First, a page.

Wednesday, 29 June 2011
Liquorice and Tweed: ‘The Scented Wardrobe’ - Part 2
I was standing in a hotel, tracing my fingers over the ice crystals that had formed on the outside of the window. My skin exuded immortelle, burnt sugar and lavender. My lover was still asleep, but I was up early, imprinting Eau Noire on my skin, Paris and my memories.
There is a beautiful void in Eau Noire, a gathered darkness I still find incredibly compelling. It is my thunderstruck, lightning ripped sky. I am partial to melancholy. Indulgent perhaps, but introspection requires silence and time alone, something it seems to be increasingly hard to find in this buzzing, light-filled, socially obsessed world. Eau Noire slowly filled the room with soft cedar and liquorice. Trails of violet and vanilla and settled like the remnants of a waking dream. I kept thinking tweed, tweed, dark green tweed. I’d packed two Harris Tweed jackets, re-cut and fitted to me more sharply and they looked wonderful. I’d been wondering what scent to wear with them: something with tar and leather? A counterpointing vanilla and amber with a whisper of iris? Perhaps a neglected Guerlain; Vol de Nuit, or Jicky? Or maybe Sycamore by Chanel, woodsy and grassy, with a whiff of crushed hazelnuts and a sense of twilight as cypress rises and blends with a beautiful Vétiver note.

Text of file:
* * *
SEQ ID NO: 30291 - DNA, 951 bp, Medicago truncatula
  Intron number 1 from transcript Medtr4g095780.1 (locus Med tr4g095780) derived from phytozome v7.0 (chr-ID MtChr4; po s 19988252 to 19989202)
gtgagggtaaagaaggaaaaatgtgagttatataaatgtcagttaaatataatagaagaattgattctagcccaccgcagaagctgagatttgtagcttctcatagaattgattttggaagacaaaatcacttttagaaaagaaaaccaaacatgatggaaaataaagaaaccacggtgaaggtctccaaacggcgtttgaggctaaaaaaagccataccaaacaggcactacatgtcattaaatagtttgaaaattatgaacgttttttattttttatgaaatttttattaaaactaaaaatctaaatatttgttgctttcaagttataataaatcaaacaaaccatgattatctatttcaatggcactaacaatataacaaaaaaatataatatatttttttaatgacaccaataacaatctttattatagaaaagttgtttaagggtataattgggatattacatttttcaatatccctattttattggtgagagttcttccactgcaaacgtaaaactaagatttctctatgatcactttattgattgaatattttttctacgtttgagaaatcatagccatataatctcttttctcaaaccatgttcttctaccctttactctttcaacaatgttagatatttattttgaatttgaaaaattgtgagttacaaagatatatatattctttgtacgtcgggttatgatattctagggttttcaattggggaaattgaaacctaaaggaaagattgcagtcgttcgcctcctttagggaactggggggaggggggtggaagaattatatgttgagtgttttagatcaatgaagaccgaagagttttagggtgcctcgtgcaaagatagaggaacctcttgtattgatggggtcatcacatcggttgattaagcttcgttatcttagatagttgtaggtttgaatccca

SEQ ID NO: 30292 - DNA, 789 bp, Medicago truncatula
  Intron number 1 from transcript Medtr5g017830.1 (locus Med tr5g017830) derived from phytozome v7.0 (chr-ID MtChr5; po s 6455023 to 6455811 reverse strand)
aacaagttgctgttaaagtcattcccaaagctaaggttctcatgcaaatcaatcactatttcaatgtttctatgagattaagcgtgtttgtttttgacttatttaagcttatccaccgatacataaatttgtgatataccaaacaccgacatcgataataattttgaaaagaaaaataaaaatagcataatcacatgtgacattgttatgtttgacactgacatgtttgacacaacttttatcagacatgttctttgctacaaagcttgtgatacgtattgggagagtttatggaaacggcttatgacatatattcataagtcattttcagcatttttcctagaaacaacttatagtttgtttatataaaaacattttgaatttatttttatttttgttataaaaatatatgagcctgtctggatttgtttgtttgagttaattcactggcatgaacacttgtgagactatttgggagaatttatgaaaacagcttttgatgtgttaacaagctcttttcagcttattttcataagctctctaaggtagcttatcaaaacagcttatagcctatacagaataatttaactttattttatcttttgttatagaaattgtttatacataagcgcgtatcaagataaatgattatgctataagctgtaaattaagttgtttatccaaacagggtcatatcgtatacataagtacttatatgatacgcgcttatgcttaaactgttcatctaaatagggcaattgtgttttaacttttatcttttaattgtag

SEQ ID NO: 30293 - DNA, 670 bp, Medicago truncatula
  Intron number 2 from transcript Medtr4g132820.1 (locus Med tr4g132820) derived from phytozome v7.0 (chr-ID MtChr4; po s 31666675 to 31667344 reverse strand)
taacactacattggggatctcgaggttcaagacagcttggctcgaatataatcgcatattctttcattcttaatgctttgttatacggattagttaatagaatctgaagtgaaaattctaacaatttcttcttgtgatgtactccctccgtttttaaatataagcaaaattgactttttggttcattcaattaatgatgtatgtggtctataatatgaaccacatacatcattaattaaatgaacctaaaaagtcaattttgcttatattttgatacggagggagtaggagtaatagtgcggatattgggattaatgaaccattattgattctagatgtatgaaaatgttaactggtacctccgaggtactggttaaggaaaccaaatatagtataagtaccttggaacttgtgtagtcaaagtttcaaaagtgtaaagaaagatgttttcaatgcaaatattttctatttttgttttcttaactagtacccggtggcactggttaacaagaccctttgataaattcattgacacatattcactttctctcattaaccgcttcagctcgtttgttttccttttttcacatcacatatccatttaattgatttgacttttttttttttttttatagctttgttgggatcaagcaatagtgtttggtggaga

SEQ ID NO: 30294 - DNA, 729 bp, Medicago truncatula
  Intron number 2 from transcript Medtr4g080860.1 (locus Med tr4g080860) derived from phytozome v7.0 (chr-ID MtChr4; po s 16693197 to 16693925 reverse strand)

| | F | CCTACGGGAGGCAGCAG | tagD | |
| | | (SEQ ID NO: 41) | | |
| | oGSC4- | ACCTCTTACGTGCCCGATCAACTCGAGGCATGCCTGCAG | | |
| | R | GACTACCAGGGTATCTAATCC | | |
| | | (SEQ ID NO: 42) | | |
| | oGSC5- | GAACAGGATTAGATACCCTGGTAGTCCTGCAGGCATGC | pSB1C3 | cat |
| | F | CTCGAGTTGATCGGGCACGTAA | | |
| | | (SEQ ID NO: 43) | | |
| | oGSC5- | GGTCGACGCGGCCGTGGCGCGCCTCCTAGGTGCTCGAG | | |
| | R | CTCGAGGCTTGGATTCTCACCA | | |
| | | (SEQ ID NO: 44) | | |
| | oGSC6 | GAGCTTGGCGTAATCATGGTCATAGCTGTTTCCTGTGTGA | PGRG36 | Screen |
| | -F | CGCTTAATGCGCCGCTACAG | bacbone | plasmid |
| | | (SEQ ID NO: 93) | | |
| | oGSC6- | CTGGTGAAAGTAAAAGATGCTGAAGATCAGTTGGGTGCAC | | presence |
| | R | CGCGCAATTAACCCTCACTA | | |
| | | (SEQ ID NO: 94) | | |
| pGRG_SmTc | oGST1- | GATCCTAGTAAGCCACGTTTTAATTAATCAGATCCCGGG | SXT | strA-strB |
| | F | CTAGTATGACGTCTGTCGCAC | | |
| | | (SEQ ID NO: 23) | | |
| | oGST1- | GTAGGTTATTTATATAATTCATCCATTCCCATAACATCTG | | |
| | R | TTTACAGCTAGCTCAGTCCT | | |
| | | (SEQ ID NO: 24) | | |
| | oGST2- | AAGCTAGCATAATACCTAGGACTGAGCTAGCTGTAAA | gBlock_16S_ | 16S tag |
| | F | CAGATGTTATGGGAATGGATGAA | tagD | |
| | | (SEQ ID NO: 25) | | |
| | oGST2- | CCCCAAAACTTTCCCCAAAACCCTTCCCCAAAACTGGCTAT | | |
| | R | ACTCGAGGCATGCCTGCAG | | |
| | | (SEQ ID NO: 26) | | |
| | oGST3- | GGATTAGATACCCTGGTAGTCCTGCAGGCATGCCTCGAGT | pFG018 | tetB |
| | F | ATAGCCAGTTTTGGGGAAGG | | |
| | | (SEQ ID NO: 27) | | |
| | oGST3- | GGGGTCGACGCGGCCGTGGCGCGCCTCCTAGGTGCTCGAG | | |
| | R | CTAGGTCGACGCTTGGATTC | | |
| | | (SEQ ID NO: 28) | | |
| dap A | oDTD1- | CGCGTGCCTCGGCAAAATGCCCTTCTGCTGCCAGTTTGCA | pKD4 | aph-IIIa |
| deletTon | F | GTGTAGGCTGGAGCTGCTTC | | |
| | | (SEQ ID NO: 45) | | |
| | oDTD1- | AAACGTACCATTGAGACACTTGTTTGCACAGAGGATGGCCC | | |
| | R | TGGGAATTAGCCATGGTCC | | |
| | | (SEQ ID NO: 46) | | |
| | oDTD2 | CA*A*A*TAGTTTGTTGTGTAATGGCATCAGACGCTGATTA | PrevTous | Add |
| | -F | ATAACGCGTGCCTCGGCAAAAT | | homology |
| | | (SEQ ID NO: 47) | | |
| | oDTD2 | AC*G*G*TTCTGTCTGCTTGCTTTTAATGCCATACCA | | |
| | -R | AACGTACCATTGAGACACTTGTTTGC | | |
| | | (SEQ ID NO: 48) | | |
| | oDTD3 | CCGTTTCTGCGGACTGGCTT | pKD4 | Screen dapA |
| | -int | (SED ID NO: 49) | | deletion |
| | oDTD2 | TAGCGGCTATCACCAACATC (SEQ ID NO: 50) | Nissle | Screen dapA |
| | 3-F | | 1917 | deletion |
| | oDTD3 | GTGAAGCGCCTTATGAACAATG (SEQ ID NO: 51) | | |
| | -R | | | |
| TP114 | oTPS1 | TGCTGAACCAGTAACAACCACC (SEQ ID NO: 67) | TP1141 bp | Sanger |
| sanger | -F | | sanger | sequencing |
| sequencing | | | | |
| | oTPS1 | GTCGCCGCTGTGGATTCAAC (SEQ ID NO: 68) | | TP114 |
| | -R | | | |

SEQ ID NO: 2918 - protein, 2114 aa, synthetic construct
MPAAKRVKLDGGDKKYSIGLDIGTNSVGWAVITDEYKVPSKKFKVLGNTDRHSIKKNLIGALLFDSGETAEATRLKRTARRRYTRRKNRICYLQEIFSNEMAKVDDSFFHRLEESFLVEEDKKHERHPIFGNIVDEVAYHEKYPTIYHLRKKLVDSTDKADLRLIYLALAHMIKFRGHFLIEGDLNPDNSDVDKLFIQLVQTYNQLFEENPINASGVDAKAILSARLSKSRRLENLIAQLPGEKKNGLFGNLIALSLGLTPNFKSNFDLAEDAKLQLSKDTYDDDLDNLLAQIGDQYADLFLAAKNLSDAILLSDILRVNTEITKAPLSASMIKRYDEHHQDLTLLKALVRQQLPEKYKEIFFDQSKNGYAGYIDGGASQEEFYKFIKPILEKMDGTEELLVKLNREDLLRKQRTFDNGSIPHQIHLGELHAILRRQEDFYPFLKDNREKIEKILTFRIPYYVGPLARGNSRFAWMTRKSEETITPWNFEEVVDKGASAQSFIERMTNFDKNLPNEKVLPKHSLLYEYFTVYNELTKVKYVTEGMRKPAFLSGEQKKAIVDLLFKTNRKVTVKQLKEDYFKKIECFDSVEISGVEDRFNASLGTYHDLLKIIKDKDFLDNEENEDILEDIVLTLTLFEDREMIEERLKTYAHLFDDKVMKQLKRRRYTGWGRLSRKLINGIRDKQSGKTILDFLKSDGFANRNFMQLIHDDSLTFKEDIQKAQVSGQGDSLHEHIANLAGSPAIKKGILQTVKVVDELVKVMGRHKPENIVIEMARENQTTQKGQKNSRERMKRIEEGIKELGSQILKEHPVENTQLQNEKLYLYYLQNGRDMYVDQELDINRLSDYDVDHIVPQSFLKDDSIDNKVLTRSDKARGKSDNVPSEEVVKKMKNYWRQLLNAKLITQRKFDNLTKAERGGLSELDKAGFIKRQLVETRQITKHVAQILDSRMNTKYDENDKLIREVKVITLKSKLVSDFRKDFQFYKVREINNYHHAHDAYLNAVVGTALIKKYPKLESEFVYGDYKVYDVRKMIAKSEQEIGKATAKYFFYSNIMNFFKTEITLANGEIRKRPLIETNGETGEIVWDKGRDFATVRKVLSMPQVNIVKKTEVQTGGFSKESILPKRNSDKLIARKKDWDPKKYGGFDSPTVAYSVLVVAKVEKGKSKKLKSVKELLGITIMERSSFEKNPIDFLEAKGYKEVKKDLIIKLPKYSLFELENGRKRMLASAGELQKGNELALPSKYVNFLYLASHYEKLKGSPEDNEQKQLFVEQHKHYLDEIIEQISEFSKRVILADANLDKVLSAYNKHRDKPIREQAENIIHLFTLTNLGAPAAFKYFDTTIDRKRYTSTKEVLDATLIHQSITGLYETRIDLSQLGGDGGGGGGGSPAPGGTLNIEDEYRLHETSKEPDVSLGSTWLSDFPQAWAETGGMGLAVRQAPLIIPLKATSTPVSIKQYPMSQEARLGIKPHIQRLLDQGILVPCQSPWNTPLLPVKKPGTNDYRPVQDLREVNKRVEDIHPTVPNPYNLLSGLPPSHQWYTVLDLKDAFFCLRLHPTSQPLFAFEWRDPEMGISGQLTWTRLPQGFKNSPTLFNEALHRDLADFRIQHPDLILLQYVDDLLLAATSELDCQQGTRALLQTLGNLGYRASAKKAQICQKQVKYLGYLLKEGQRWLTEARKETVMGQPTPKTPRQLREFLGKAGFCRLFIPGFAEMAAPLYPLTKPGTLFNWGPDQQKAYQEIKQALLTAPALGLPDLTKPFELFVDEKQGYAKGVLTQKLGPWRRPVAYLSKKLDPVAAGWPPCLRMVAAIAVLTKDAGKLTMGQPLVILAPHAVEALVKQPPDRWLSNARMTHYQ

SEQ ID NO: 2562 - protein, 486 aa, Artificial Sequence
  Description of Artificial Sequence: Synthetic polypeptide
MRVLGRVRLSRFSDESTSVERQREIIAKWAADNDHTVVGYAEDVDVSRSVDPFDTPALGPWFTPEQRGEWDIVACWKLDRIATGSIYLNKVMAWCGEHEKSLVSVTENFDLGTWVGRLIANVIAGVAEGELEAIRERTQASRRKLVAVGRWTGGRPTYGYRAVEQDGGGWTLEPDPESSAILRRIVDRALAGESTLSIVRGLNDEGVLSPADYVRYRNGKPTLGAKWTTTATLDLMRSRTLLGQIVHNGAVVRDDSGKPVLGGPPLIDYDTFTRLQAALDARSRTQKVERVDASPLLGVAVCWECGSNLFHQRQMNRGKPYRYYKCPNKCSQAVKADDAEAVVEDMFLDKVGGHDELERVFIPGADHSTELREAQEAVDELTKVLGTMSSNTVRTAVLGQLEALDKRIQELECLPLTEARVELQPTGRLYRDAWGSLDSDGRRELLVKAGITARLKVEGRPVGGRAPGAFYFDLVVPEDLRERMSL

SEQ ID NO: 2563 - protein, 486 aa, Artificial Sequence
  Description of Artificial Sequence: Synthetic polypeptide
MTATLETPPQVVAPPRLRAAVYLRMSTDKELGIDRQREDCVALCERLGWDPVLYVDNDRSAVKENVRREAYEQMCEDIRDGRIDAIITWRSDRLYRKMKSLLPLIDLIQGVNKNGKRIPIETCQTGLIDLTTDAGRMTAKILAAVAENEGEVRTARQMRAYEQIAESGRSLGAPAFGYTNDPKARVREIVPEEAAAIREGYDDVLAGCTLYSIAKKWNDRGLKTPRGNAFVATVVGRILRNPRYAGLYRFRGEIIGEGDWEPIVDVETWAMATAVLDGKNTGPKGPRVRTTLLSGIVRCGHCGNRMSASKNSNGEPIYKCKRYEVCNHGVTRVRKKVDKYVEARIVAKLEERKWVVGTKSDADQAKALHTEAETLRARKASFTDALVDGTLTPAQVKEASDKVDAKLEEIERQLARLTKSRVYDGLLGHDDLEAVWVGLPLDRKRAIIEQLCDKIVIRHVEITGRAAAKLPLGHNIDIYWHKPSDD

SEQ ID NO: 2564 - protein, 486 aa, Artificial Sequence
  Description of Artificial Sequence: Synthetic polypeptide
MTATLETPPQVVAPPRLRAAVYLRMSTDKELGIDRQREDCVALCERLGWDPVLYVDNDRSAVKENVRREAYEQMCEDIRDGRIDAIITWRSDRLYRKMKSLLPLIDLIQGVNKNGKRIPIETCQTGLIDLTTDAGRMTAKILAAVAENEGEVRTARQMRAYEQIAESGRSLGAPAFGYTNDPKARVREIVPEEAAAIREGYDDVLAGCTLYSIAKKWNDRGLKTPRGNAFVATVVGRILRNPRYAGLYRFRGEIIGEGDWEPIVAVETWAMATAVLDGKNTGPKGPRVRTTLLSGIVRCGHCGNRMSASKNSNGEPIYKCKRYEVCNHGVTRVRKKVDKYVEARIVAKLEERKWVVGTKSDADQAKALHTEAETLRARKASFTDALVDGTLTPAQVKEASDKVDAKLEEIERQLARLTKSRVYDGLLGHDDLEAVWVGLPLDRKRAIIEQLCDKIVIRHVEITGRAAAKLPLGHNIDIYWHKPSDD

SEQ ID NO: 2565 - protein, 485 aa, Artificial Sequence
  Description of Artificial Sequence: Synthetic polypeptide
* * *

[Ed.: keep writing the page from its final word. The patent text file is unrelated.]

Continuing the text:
I had been toying for years with the concept of a scented wardrobe, matching and layering fragrances with shirts, jackets, accessories, colour, texture, mood and skin. Mixing fragrance with the vagaries of thermal motion: skin and the delicacy of the evaporation curve. I like to take time and think about how I might enhance a fabric or an outfit with the right fragrance. The reverse is true as well; fragrances can be framed and enhanced by texture, finish and detail. You can play with or against the grain. The concept of silk on steel if you like. Powder and heliotrope with dirtied denim and killer heels. Oriental rose and leather buried (only just..) under Burberry Prorsum tailoring. Or the simplicity of limes and orange blossom wrapped in cashmere and walked along a city riverside.I have pared my wardrobe down over the years to black, white and grey and my fragrances have followed accordingly. From a large sprawling collection, my tastes have become more spartan and controlled. Wardrobe wise I allow a little colour, a splash of red, a ribbon of yellow. Otherwise I move through the realms of muted slates, ash, cinder, pearl, smoke, powder, silver, dove, granite and other dolorous tints. They suit me. My hair is ashen; my eyes colder now against the snowier palette. I am partial to the feral scent of oud wood and dried fruit in fragrances. I love white lily notes; sometimes it’s a funereal thing, sometimes it’s a cotton T-shirt and starch thing. Tonka and cocoa bean done correctly with deftness and imagination will break my heart. Look at Dior Homme Intense, a profound alien beauty, addictive to the point of suffocation. And Il Profumo’s Chocolat Amère, a skin-licking delight, like driving through the night in black velvet, top down, moon burning in the sky. And I can melt over a powdered rose, a whiff of childhood candy, the handbaggy riff of lipstick, a lingering weirdness of hairspray. There are certain times when only a dirty sexed up rubber scent will do, something shimmering and petrolic, like a bass beat thudding through the floor, insistently scenting its way into your brain. Smoked rubber and vanilla car wreck. Has to be Bulgari Black; Cronenberg’s Crash in a bottle.